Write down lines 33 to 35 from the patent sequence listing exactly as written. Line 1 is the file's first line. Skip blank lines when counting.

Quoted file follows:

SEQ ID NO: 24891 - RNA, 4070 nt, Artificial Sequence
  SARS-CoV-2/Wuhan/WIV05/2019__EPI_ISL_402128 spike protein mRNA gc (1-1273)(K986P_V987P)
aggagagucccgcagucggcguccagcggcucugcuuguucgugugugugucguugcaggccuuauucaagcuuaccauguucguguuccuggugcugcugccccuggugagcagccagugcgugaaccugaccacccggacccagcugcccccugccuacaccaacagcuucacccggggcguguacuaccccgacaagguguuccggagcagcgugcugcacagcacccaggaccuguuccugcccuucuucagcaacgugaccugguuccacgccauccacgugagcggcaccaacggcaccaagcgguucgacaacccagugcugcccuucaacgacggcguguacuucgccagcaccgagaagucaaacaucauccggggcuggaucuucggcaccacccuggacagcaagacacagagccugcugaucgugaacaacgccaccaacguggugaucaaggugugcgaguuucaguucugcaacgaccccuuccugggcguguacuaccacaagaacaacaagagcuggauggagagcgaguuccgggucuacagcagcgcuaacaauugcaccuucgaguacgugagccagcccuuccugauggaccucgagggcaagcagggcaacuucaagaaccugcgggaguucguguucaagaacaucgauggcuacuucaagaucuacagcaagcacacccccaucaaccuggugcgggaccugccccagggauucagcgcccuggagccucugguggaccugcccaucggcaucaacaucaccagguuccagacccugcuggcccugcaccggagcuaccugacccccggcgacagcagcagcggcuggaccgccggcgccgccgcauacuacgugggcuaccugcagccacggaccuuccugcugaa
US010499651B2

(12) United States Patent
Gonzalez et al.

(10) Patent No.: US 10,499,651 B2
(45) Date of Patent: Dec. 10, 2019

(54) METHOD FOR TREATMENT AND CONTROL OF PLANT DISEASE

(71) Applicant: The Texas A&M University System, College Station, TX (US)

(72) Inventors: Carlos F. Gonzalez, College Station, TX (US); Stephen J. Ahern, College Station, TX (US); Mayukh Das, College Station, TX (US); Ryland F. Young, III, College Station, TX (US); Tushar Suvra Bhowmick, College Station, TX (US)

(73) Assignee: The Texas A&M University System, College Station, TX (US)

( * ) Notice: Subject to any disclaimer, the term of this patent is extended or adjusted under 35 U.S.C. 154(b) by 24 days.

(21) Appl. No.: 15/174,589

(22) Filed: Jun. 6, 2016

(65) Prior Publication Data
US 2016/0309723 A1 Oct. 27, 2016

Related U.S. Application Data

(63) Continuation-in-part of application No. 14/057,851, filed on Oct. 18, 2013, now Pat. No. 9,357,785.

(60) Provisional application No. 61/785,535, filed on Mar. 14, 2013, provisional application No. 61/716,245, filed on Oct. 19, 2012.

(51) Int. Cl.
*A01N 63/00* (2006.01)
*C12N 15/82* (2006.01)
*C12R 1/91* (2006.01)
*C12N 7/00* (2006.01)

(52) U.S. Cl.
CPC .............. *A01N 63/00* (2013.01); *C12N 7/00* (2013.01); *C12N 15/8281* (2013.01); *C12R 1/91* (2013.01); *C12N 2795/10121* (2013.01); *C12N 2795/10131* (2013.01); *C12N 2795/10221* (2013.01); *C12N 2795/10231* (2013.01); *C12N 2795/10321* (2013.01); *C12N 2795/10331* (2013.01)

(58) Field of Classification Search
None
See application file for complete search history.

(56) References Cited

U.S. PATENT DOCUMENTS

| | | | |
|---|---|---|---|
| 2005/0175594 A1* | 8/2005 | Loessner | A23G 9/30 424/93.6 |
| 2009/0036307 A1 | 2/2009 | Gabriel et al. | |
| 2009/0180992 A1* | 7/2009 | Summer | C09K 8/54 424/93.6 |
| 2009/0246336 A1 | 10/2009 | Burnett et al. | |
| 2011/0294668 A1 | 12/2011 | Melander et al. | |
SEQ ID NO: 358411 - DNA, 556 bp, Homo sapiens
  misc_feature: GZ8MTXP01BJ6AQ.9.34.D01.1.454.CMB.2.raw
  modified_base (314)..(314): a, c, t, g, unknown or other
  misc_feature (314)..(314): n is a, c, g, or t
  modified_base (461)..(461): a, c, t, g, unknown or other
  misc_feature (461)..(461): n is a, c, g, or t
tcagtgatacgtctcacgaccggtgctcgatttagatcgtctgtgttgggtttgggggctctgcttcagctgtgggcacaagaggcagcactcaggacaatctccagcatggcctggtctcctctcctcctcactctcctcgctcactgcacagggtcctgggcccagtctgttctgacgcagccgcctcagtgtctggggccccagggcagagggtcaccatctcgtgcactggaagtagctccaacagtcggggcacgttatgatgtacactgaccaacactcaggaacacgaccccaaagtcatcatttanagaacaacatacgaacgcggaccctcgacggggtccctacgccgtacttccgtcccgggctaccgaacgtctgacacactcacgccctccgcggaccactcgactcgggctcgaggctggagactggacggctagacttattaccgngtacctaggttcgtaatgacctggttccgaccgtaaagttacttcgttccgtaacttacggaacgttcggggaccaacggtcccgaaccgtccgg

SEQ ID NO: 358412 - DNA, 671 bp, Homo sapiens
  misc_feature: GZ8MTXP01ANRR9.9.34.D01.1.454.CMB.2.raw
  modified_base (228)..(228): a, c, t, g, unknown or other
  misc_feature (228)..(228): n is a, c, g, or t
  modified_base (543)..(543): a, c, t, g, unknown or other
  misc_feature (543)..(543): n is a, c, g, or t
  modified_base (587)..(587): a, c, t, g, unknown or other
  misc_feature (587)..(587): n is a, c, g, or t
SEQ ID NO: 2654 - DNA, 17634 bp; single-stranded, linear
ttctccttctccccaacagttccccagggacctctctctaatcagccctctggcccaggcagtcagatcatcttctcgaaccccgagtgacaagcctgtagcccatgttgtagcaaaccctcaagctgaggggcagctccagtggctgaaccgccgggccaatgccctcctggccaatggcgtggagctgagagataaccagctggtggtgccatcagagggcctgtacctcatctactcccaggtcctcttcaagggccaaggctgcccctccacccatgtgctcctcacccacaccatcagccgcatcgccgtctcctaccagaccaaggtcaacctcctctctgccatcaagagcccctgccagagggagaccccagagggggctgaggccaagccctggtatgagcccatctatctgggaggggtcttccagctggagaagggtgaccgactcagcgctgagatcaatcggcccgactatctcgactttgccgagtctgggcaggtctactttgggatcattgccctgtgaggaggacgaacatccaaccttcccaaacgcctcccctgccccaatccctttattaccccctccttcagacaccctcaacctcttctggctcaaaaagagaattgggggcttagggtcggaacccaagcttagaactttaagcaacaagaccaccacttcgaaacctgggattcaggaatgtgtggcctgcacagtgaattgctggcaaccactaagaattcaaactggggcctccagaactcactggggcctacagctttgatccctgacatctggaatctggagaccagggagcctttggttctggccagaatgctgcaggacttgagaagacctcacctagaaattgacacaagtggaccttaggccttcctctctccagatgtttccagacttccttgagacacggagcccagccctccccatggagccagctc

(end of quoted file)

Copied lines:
| | | | |
|---|---|---|---|
| 2005/0175594 A1* | 8/2005 | Loessner | A23G 9/30 424/93.6 |